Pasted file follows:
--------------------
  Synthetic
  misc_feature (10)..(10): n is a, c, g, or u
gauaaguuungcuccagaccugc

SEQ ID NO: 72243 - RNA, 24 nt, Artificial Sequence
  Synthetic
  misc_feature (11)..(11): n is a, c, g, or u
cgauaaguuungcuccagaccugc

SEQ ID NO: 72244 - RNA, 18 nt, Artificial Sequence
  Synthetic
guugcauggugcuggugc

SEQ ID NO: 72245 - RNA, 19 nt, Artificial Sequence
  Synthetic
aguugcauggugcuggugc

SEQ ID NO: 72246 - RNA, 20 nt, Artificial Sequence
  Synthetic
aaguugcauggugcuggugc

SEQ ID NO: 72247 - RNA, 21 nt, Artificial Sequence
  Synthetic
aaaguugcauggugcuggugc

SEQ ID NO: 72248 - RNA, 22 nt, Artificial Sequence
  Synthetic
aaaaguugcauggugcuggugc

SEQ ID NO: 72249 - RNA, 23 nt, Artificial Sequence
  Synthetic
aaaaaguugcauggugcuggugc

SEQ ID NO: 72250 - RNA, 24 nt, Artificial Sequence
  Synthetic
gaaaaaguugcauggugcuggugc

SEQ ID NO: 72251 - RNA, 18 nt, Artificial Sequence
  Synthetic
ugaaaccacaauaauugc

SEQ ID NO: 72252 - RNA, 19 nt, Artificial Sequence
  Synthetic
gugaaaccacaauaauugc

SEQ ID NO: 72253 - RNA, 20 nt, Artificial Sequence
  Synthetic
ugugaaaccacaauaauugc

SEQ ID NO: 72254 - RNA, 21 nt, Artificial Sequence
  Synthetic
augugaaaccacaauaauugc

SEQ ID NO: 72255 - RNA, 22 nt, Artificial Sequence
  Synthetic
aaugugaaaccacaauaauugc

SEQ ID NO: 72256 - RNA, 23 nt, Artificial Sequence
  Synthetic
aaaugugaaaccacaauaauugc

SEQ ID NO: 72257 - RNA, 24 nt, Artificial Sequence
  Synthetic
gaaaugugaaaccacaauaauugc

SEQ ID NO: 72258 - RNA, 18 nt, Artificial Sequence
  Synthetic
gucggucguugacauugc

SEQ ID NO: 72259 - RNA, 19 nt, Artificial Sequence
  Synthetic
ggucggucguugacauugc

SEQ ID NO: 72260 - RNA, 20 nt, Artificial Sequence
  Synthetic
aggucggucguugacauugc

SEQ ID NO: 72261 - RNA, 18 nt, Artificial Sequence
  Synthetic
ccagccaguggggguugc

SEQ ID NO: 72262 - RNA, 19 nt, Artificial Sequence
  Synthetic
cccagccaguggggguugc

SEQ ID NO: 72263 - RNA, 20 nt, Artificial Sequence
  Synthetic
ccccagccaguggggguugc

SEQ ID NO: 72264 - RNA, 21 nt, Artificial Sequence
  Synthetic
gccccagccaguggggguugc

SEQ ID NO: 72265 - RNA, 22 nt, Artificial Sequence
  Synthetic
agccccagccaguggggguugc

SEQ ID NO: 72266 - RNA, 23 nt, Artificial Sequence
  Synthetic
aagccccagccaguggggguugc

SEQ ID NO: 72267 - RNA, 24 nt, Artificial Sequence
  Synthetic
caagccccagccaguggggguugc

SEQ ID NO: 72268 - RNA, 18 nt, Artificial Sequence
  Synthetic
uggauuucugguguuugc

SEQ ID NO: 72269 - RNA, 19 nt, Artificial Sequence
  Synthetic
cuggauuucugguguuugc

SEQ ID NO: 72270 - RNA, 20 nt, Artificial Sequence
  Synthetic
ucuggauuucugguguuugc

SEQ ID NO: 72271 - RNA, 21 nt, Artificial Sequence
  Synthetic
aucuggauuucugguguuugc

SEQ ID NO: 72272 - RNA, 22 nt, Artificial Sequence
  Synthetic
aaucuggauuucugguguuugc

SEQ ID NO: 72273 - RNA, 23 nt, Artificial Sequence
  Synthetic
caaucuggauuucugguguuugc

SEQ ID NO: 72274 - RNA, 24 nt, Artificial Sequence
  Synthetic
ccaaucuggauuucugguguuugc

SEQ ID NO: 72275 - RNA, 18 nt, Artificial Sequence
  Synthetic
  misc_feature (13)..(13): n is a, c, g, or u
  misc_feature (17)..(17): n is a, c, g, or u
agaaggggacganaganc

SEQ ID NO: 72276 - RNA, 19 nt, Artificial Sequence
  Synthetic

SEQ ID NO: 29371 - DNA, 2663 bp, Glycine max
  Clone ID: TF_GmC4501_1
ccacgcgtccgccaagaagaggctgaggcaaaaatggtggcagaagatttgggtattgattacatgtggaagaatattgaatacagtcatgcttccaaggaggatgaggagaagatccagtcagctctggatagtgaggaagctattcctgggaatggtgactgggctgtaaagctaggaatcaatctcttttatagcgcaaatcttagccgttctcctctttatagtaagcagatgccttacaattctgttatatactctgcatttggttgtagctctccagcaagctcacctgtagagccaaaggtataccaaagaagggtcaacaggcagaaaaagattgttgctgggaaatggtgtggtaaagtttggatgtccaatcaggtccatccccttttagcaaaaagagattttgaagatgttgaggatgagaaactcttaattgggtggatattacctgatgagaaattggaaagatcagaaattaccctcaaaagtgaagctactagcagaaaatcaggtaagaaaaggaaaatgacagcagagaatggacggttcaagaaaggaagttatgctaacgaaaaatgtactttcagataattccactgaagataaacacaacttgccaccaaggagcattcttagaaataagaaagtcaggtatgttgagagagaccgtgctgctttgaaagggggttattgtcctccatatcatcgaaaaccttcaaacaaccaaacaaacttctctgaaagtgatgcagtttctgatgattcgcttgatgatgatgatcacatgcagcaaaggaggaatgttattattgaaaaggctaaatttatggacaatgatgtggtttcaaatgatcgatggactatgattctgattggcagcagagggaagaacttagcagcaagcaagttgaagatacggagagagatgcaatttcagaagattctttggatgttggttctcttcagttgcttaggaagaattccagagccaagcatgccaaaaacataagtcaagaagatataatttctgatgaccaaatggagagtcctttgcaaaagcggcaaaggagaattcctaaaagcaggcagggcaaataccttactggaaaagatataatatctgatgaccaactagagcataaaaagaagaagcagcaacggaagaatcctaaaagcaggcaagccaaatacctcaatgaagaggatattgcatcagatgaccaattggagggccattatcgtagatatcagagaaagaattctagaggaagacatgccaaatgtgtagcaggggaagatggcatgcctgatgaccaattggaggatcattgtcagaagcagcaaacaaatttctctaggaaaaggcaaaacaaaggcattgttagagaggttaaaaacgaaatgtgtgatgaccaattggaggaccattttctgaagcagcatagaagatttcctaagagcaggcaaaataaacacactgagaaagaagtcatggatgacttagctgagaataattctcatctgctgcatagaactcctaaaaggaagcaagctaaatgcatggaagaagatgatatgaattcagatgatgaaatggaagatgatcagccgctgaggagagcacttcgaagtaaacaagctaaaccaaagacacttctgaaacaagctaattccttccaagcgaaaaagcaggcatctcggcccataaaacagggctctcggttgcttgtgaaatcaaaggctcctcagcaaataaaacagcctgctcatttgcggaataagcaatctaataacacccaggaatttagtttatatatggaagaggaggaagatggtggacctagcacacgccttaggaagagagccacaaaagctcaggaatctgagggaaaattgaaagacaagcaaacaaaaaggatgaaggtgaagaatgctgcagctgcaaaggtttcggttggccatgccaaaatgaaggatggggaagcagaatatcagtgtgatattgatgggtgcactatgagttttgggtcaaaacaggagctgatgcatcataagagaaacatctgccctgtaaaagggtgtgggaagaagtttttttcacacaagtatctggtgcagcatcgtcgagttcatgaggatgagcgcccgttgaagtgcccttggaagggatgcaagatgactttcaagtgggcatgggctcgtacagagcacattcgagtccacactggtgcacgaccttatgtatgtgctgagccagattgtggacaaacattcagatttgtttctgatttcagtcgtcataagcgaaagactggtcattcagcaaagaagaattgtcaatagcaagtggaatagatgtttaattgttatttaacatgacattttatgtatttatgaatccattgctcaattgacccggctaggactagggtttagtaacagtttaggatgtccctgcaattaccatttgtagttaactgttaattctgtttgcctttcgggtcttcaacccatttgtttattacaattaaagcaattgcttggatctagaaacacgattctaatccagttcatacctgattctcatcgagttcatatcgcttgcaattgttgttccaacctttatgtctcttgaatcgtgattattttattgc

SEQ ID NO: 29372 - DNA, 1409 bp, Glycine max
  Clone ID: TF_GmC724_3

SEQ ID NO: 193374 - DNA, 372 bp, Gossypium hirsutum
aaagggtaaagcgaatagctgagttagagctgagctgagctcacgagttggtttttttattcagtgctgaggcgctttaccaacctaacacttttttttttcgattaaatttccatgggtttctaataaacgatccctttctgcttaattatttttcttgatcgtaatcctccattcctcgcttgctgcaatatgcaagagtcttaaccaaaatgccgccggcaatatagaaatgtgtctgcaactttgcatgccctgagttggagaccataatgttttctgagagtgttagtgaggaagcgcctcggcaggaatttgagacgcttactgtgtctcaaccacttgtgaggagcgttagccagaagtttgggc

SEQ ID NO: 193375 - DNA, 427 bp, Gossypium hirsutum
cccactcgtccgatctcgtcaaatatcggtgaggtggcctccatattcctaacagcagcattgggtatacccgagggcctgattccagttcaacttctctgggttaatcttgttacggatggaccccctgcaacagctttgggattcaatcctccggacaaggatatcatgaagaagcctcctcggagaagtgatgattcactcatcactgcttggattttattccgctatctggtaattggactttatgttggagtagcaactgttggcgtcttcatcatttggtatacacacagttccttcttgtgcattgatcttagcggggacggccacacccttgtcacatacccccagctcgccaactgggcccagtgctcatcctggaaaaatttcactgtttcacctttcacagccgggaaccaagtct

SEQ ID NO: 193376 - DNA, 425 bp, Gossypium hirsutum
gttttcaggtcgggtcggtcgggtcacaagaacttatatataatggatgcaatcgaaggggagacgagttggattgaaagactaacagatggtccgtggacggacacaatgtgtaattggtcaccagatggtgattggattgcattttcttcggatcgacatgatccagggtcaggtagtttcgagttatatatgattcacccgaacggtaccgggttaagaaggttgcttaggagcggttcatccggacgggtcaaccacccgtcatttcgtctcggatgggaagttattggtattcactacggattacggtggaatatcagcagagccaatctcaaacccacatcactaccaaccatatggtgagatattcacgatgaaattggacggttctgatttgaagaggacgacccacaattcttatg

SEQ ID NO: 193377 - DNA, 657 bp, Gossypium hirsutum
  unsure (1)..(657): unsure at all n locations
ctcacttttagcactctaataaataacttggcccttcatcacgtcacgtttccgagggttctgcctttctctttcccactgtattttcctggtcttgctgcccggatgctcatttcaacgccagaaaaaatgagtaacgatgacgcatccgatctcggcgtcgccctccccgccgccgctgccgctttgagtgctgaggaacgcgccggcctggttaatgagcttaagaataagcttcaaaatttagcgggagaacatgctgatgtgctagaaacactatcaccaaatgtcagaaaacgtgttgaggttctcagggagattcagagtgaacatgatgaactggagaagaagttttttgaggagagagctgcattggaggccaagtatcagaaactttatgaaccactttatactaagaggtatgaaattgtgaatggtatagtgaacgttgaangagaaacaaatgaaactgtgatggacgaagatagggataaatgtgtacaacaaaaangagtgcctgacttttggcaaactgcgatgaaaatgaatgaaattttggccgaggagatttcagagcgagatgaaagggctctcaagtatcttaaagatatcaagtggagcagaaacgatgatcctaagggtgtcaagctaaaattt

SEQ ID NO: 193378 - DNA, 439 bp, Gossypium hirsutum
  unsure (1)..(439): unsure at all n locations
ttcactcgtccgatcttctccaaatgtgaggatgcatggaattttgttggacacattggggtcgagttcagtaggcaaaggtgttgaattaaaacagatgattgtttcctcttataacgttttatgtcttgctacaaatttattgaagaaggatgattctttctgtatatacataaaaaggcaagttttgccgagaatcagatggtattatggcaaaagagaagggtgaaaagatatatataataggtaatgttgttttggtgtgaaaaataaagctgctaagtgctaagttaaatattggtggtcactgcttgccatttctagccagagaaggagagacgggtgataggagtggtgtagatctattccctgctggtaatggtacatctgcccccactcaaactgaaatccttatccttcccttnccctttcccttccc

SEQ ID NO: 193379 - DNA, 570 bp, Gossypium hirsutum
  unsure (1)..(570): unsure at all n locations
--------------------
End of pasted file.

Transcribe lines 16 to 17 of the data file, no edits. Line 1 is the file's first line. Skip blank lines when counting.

aaguugcauggugcuggugc

SEQ ID NO: 72247 - RNA, 21 nt, Artificial Sequence